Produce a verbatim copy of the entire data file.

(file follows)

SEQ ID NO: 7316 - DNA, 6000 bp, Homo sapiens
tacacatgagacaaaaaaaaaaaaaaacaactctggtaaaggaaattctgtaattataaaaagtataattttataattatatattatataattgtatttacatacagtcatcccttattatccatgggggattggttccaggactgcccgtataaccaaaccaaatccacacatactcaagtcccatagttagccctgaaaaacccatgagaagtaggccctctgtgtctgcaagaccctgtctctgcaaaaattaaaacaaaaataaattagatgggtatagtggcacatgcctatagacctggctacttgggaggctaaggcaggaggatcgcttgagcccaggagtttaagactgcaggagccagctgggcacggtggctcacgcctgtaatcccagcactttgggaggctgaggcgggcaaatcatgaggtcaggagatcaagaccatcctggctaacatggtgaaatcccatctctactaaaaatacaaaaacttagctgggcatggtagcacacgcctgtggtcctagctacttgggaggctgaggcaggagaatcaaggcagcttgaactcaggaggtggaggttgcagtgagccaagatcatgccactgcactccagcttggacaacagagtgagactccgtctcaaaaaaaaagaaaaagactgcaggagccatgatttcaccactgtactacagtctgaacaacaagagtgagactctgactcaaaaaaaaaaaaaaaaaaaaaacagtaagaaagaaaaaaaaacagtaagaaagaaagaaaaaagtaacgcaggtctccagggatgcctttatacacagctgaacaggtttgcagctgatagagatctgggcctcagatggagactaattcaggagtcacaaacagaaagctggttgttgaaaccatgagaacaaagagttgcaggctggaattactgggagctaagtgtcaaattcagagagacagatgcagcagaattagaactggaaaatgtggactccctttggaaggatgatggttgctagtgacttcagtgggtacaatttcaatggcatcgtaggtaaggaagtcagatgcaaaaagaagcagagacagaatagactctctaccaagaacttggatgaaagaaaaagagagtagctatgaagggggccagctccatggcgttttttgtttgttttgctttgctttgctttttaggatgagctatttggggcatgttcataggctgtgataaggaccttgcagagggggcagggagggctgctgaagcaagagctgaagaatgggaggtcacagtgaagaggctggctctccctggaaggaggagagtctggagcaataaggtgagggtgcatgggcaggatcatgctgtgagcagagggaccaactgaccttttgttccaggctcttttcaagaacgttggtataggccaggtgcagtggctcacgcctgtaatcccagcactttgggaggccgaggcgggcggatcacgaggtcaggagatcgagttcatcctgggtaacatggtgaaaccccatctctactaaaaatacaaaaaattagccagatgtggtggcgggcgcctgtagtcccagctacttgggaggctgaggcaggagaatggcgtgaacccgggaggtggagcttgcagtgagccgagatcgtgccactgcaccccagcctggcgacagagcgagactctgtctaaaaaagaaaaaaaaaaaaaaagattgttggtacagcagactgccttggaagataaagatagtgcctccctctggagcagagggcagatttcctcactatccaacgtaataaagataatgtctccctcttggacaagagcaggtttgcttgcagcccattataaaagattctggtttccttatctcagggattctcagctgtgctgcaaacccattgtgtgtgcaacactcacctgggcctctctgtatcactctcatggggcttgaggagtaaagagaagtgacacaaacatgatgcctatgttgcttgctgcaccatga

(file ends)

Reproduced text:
SEQ ID NO: 7316 - DNA, 6000 bp, Homo sapiens
tacacatgagacaaaaaaaaaaaaaaacaactctggtaaaggaaattctgtaattataaaaagtataattttataattatatattatataattgtatttacatacagtcatcccttattatccatgggggattggttccaggactgcccgtataaccaaaccaaatccacacatactcaagtcccatagttagccctgaaaaacccatgagaagtaggccctctgtgtctgcaagaccctgtctctgcaaaaattaaaacaaaaataaattagatgggtatagtggcacatgcctatagacctggctacttgggaggctaaggcaggaggatcgcttgagcccaggagtttaagactgcaggagccagctgggcacggtggctcacgcctgtaatcccagcactttgggaggctgaggcgggcaaatcatgaggtcaggagatcaagaccatcctggctaacatggtgaaatcccatctctactaaaaatacaaaaacttagctgggcatggtagcacacgcctgtggtcctagctacttgggaggctgaggcaggagaatcaaggcagcttgaactcaggaggtggaggttgcagtgagccaagatcatgccactgcactccagcttggacaacagagtgagactccgtctcaaaaaaaaagaaaaagactgcaggagccatgatttcaccactgtactacagtctgaacaacaagagtgagactctgactcaaaaaaaaaaaaaaaaaaaaaacagtaagaaagaaaaaaaaacagtaagaaagaaagaaaaaagtaacgcaggtctccagggatgcctttatacacagctgaacaggtttgcagctgatagagatctgggcctcagatggagactaattcaggagtcacaaacagaaagctggttgttgaaaccatgagaacaaagagttgcaggctggaattactgggagctaagtgtcaaattcagagagacagatgcagcagaattagaactggaaaatgtggactccctttggaaggatgatggttgctagtgacttcagtgggtacaatttcaatggcatcgtaggtaaggaagtcagatgcaaaaagaagcagagacagaatagactctctaccaagaacttggatgaaagaaaaagagagtagctatgaagggggccagctccatggcgttttttgtttgttttgctttgctttgctttttaggatgagctatttggggcatgttcataggctgtgataaggaccttgcagagggggcagggagggctgctgaagcaagagctgaagaatgggaggtcacagtgaagaggctggctctccctggaaggaggagagtctggagcaataaggtgagggtgcatgggcaggatcatgctgtgagcagagggaccaactgaccttttgttccaggctcttttcaagaacgttggtataggccaggtgcagtggctcacgcctgtaatcccagcactttgggaggccgaggcgggcggatcacgaggtcaggagatcgagttcatcctgggtaacatggtgaaaccccatctctactaaaaatacaaaaaattagccagatgtggtggcgggcgcctgtagtcccagctacttgggaggctgaggcaggagaatggcgtgaacccgggaggtggagcttgcagtgagccgagatcgtgccactgcaccccagcctggcgacagagcgagactctgtctaaaaaagaaaaaaaaaaaaaaagattgttggtacagcagactgccttggaagataaagatagtgcctccctctggagcagagggcagatttcctcactatccaacgtaataaagataatgtctccctcttggacaagagcaggtttgcttgcagcccattataaaagattctggtttccttatctcagggattctcagctgtgctgcaaacccattgtgtgtgcaacactcacctgggcctctctgtatcactctcatggggcttgaggagtaaagagaagtgacacaaacatgatgcctatgttgcttgctgcaccatga